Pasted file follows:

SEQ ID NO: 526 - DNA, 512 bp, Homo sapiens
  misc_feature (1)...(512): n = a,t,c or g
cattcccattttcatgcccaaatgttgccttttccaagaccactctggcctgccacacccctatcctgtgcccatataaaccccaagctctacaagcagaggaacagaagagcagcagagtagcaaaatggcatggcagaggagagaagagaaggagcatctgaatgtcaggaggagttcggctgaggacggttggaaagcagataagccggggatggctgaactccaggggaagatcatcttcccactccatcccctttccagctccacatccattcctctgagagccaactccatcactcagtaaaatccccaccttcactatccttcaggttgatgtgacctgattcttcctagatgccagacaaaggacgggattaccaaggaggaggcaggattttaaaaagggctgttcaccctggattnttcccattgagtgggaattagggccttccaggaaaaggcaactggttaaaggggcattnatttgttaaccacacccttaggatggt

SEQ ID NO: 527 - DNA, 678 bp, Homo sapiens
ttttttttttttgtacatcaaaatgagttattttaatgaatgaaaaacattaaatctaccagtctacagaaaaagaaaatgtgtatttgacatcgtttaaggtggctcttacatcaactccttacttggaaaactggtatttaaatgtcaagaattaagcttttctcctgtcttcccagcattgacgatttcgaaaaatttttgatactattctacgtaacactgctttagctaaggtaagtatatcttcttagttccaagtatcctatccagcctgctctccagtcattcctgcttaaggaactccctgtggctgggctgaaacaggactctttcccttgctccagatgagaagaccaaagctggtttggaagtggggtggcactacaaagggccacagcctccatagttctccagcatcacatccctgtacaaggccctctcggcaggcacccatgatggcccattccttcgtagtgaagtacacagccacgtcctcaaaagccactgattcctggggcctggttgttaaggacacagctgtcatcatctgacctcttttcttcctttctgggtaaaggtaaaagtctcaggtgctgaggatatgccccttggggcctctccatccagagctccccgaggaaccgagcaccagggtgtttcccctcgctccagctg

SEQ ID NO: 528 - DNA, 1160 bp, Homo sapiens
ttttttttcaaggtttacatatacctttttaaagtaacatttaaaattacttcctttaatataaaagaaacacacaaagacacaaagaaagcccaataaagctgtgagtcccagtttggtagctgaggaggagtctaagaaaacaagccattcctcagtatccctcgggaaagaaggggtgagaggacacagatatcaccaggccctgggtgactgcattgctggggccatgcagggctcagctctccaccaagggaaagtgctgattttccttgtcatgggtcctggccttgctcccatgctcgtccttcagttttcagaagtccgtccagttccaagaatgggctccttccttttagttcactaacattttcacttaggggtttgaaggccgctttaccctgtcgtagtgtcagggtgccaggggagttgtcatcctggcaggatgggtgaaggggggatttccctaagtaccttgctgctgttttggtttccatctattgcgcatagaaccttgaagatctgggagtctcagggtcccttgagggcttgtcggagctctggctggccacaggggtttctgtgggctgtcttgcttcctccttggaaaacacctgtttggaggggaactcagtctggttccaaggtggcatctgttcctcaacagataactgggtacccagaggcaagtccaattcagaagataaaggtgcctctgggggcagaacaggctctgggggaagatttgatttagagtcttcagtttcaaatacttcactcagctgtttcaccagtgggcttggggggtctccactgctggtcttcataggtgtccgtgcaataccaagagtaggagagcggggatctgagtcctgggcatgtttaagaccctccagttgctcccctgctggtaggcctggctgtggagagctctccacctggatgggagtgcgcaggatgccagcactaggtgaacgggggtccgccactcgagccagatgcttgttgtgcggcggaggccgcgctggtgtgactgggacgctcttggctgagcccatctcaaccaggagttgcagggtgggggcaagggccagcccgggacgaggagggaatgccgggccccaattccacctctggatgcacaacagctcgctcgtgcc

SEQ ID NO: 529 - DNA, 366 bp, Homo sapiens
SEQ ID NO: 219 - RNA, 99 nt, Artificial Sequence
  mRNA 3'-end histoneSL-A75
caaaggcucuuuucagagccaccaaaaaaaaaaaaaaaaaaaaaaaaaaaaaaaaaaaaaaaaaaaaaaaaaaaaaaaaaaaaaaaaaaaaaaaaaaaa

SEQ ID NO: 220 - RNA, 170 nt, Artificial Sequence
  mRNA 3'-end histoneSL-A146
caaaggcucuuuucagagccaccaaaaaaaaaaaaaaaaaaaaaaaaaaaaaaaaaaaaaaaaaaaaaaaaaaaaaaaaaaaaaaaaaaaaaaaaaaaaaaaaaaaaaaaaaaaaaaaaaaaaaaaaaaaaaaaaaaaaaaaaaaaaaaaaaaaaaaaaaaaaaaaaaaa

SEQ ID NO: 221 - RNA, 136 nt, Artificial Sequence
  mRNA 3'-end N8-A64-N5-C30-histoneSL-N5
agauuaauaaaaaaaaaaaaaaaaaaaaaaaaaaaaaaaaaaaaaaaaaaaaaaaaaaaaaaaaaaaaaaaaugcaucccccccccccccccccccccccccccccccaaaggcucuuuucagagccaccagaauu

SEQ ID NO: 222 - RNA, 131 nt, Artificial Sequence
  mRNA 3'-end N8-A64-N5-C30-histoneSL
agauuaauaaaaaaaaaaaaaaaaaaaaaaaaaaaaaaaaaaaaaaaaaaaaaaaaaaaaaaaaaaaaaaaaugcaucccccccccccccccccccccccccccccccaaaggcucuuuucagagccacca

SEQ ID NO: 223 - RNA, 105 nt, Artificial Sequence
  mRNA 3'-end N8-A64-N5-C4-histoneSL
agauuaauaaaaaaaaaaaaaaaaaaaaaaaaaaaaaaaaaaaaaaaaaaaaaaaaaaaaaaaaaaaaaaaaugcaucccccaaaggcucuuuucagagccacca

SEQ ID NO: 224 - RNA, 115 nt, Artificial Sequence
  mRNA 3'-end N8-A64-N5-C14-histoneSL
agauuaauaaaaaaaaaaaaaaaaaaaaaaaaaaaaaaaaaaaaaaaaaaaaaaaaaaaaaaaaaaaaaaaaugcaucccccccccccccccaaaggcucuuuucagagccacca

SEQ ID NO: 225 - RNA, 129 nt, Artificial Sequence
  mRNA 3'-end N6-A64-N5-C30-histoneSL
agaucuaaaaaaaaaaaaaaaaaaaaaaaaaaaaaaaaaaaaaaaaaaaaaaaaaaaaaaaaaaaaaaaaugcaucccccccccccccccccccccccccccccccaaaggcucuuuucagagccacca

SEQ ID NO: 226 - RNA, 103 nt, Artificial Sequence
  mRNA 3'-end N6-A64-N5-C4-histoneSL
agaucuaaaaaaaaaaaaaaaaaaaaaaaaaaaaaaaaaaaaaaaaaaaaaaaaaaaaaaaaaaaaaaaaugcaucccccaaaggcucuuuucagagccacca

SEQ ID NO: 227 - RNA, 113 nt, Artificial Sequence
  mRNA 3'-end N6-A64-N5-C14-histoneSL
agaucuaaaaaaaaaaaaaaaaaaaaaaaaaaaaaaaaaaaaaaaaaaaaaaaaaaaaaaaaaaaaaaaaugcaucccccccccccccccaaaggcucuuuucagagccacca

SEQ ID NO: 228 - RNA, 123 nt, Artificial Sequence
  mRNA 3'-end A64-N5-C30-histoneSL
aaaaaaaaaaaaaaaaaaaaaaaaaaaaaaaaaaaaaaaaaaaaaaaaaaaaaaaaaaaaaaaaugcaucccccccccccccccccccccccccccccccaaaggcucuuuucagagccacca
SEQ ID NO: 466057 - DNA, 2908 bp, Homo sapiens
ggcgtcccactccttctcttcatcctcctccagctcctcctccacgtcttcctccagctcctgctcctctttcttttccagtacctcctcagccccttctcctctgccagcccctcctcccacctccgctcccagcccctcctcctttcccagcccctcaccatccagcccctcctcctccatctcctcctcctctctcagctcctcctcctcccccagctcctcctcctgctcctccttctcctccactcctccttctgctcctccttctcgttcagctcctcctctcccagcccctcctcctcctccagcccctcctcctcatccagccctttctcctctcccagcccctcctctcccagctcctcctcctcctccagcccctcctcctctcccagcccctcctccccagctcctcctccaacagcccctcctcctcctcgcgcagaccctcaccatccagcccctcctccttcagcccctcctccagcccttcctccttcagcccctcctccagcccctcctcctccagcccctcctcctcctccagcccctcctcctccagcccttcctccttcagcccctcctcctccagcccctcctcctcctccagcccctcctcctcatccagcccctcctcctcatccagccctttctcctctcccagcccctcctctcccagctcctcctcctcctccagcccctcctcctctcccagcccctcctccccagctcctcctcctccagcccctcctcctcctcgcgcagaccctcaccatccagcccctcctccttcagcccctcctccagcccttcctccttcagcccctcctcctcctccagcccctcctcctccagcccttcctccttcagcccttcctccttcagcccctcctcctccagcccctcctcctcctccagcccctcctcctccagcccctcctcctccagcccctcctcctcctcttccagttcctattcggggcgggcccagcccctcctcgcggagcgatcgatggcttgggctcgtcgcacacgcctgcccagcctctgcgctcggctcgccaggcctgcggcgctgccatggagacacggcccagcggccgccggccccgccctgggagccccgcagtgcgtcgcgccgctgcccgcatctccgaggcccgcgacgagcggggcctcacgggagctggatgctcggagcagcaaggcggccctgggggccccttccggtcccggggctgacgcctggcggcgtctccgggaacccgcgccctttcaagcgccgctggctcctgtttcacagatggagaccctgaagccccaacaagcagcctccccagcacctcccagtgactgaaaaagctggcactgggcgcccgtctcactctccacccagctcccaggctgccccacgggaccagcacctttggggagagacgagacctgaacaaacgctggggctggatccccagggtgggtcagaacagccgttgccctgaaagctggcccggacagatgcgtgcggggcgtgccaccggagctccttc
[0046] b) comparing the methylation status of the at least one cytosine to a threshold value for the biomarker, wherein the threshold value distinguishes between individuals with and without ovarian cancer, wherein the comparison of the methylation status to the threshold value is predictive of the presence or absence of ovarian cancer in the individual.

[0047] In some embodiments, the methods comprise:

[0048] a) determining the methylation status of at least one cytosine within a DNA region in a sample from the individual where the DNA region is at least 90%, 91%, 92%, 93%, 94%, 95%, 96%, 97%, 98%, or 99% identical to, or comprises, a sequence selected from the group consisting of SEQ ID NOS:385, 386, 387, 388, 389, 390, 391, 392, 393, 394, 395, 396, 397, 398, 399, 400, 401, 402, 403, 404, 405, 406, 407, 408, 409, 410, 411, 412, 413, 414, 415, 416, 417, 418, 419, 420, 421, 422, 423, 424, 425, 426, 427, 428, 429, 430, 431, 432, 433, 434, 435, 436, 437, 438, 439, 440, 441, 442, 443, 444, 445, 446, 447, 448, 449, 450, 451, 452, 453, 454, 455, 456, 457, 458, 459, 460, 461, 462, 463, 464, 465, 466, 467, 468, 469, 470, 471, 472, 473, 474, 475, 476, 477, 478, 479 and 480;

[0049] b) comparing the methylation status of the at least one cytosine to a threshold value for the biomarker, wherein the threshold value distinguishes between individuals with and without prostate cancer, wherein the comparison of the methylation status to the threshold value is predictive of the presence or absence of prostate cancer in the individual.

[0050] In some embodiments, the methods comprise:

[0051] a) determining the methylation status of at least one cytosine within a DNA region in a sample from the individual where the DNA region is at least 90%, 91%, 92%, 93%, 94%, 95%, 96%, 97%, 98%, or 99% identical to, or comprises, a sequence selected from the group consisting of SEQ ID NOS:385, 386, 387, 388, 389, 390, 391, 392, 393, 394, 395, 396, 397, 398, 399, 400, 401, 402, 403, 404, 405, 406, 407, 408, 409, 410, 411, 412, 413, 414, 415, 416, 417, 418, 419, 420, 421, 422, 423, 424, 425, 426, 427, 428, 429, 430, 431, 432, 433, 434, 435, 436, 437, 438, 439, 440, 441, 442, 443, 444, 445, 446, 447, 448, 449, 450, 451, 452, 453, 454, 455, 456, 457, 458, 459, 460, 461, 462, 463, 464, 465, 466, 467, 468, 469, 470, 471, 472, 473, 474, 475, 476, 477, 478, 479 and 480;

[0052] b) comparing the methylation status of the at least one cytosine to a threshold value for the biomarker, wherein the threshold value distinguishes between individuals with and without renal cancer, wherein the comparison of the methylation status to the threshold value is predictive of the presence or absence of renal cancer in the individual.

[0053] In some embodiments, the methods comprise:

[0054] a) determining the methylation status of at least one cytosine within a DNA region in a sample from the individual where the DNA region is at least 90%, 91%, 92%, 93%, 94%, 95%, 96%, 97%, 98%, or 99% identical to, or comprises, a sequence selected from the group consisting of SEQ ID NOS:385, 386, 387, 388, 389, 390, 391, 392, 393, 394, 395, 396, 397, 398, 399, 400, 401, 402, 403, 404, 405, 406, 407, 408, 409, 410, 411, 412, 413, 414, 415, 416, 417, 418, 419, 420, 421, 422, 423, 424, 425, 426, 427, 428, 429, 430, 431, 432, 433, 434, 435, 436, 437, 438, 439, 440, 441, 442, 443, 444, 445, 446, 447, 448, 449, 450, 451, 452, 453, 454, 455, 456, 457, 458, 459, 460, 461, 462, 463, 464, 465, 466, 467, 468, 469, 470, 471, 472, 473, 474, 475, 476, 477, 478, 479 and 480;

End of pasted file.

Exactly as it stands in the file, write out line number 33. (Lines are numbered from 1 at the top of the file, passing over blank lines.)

SEQ ID NO: 227 - RNA, 113 nt, Artificial Sequence